Chapter 8: Some alternatives: savings banks and micro-finance institutions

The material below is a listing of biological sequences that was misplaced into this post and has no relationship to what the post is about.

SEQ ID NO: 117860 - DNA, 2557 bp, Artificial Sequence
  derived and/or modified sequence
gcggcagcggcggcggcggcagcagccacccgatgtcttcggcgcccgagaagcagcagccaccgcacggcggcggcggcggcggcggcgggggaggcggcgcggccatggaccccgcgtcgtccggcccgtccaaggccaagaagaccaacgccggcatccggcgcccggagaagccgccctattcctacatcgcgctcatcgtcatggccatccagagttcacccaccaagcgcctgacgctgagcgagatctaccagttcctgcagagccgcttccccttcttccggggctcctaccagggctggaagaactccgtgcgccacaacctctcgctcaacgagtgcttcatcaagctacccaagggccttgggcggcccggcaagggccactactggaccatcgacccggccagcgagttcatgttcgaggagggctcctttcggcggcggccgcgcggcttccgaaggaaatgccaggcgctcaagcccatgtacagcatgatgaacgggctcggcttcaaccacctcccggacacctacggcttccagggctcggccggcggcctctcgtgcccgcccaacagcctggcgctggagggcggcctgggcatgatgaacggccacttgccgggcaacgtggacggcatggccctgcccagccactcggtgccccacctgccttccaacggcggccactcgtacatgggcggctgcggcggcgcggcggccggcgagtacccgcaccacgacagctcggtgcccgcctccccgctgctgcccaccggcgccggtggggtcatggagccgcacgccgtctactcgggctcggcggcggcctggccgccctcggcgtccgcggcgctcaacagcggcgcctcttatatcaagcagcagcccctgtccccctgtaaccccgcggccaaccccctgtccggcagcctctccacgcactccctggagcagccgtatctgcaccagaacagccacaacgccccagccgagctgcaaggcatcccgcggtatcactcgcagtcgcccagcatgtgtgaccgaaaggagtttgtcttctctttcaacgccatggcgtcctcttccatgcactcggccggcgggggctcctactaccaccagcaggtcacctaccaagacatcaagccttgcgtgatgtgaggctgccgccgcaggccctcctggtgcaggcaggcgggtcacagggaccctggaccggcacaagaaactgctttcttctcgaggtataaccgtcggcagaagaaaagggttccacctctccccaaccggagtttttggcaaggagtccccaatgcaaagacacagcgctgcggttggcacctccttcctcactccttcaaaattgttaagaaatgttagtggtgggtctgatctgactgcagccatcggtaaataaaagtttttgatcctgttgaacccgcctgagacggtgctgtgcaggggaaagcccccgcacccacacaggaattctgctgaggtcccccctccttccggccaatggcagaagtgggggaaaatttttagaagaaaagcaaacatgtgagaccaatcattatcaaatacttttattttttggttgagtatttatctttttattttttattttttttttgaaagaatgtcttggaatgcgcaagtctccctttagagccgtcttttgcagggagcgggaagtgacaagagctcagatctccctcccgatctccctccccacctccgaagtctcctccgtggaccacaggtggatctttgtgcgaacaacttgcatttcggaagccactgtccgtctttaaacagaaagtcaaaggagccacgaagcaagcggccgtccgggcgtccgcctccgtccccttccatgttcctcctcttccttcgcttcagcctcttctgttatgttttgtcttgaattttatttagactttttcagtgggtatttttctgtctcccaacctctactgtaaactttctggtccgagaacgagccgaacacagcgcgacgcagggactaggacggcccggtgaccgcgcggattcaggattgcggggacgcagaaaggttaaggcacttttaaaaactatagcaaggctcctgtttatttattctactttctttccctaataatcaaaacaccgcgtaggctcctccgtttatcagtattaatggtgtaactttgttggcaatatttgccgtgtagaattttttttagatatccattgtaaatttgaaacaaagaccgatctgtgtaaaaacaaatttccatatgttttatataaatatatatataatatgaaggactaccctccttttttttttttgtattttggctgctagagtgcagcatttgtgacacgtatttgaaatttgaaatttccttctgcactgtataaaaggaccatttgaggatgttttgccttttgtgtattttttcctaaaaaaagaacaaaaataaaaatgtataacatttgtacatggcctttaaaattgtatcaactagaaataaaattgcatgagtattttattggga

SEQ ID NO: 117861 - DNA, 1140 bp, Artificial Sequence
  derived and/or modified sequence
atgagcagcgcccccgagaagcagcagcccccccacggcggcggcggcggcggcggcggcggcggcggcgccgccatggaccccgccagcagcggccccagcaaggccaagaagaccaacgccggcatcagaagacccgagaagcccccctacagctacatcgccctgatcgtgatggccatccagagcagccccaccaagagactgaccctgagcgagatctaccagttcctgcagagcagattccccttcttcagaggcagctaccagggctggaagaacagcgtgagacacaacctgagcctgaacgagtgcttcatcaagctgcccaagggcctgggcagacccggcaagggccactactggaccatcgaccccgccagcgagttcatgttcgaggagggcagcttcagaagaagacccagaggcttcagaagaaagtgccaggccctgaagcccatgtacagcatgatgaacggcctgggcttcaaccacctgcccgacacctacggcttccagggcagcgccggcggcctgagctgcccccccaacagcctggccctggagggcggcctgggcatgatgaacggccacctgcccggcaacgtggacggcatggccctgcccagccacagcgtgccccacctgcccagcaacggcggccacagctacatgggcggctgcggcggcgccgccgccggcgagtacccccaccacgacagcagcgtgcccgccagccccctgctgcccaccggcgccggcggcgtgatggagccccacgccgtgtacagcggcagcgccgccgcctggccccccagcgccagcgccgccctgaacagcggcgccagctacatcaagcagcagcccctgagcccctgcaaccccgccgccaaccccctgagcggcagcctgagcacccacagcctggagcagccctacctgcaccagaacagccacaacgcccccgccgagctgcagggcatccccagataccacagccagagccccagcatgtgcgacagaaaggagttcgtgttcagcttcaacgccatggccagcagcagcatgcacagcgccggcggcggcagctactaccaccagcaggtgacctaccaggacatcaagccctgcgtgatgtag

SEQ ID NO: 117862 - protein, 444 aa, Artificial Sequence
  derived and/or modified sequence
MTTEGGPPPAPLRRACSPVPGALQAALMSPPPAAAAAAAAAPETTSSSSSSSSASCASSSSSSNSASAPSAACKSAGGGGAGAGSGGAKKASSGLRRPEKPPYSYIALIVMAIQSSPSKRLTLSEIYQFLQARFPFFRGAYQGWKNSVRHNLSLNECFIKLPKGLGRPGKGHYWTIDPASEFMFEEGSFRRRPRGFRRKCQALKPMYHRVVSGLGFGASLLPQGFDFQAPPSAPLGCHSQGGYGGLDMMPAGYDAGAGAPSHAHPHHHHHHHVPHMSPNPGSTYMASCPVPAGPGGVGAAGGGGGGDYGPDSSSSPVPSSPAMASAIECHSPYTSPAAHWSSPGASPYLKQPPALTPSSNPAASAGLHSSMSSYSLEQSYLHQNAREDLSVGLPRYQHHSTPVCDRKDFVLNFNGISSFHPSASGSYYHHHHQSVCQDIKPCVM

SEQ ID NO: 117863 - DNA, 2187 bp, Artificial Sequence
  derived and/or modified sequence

Before we accept at face value the argument put in the last chapter, we need to test it out against a strong counter-argument. The focus on customer-ownership may be misguided; there may be other ways of achieving the same ends that include some but not all of the features of cooperative banks, credit unions and building societies. A recent report by Ayadi and her colleagues (2009) distinguishes between banks that have a single bottom line, focusing on short-term profit at the expense of everything else, and banks that have a dual bottom line, focusing on profit but also on social goals. They do not distinguish between customer-owned and noncustomer owned banks, but between stakeholder rather than shareholder owned banks. There are strong similarities between cooperative banks and savings banks. They are both organised in networks of affiliated, but decentralised, organisations. They are not set up to maximise profit but to provide a service; the customer-owned banks serve their members, the savings banks, the local economy. Thus they are both ‘stakeholder banks’ (Ayadi et al., 2010; Cuevas and Fischer, 2006). How useful is this approach when compared to the customer-ownership approach taken in this book? To find out we have to investigate the savings bank model further. What is a savings bank? It is a business whose primary purpose is to provide a safe place for people’s savings.
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